by Michael H. Wasserman A pervasive problem for some in contemporary society splits us into two camps. One particular segment of the community. They may be your friends, your neighbors, your co-parishioners. They are fully aware of the environment we live in. They read the same things you do. They receive the same guidances we all do. They take wildly different views of what those writings mean. Who they apply to. They are not easily persuaded by reason or the advice of experts. While they acknowledge legal obligations they still want to “do their own thing,” often to the detriment of others they engage with. You know who I am talking about. Unrestrained buyers who ask for the sun, the moon and all the stars based on property inspections without regard to the terms of their inspection contingency or as-is contract. Sellers expect buyers to abide by inspection contingency terms of the contract they (the buyers) offered. If the deal is “as is,” sellers expect not to hear a thing.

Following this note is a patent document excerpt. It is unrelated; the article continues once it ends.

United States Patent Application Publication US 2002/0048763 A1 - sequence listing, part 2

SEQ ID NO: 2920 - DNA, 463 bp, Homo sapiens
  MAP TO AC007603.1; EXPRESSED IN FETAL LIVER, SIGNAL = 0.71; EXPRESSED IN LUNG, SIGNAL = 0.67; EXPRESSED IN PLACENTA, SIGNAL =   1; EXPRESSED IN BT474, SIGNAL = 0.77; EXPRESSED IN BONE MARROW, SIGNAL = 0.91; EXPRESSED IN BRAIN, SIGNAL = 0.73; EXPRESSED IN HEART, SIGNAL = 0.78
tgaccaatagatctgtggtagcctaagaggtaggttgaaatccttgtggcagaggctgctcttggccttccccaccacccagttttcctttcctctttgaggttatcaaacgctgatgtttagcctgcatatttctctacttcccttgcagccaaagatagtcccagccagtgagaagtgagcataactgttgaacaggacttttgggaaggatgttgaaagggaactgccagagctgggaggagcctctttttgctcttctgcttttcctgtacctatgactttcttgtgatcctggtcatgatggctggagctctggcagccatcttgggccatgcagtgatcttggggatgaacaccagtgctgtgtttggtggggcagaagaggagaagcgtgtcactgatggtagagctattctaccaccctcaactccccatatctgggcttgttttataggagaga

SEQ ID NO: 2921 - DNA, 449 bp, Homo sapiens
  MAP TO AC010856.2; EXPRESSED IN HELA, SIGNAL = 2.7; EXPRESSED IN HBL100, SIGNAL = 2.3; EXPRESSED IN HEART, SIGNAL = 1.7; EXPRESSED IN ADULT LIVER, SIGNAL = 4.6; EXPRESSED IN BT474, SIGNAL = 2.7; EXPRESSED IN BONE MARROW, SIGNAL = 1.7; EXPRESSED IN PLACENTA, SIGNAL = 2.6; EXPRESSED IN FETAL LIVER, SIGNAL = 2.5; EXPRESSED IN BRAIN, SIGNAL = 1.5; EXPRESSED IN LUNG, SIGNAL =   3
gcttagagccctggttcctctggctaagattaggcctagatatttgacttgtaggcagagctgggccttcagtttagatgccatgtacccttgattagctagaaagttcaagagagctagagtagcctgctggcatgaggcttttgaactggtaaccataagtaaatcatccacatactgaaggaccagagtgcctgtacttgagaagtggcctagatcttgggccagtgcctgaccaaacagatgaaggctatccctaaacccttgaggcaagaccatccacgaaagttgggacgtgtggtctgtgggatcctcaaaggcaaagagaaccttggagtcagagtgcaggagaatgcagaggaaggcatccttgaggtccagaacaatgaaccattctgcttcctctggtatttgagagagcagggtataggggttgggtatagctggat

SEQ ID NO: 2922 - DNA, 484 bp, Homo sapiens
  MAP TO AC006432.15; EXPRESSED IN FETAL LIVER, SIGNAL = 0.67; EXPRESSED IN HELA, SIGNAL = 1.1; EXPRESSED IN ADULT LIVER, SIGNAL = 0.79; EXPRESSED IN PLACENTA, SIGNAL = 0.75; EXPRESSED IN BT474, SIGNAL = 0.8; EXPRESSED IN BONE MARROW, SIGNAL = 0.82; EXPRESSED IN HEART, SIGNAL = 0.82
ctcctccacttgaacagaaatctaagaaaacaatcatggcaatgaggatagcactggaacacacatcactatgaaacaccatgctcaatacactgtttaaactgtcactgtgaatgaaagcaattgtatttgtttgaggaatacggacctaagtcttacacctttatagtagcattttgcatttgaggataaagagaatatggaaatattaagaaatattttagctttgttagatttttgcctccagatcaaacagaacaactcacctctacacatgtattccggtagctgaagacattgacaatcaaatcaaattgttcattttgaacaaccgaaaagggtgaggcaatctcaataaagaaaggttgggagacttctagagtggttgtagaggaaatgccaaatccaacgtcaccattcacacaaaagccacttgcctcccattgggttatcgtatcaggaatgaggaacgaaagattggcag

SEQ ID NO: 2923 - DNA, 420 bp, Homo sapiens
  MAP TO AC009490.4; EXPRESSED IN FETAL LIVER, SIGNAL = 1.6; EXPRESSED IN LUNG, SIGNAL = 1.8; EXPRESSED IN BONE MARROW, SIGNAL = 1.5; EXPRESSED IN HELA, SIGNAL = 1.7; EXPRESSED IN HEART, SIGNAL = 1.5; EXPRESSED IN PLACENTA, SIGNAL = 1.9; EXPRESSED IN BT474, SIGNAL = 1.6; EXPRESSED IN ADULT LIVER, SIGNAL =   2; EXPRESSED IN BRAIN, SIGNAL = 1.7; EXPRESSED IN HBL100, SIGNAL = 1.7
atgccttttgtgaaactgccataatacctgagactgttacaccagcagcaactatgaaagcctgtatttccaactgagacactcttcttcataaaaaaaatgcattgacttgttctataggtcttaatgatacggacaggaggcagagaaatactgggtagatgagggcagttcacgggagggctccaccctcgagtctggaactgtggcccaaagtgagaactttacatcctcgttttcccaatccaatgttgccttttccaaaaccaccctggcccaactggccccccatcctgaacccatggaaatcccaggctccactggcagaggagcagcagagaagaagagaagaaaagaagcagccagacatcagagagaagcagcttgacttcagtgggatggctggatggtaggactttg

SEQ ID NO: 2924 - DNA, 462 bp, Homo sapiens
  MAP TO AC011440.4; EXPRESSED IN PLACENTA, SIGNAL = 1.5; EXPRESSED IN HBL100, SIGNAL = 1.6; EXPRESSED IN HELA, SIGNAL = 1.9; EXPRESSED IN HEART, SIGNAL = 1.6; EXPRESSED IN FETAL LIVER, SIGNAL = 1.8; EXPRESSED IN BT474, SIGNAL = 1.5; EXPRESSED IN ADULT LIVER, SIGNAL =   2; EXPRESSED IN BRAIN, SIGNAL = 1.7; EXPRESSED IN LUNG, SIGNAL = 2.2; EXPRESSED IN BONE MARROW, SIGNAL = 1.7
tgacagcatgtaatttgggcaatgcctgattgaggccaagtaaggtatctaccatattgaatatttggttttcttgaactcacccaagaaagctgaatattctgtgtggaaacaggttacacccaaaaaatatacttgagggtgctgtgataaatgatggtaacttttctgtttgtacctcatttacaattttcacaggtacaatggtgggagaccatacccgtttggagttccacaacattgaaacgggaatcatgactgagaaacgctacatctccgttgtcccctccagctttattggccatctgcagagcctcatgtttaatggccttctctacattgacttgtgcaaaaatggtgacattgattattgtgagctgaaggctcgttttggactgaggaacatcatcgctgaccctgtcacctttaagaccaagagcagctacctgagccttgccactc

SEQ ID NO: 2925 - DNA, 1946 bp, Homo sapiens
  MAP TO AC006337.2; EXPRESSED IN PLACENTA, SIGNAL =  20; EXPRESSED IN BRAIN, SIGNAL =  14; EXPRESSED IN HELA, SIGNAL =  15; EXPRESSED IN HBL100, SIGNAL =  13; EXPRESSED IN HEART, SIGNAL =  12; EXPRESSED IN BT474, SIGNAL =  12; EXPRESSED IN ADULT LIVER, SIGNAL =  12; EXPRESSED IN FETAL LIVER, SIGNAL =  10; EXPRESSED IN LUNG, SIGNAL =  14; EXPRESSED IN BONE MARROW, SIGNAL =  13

by Michael H. Wasserman An interesting 20 minute podcast here . The disaster in Miami calls to light a critical challenge for all condo owners, including owners here in Chicago. Who decides if repairs and who pays? Hint: the owners. These are two really tough questions to answer. Particularly because condos are for the most part run by untrained volunteers. Few have experience apartment buildings. These volunteers have to not only appreciate the need for action but must then convince their co-owners that the necessary costs must be paid. Think these sorts of deferred (ignored) maintenance problems don't effect us localy? Consider the deconversions of Keneally Square or River City back in 2017 & 2018. The over-whelming costs of long deferred maintenance forced owners to sell out at a loss. Thankfully, no loss of life, but still disastrous outcomes. This is one of many reasons why Buyers should inspect condo common elements, financial records and meeting minutes. Understandin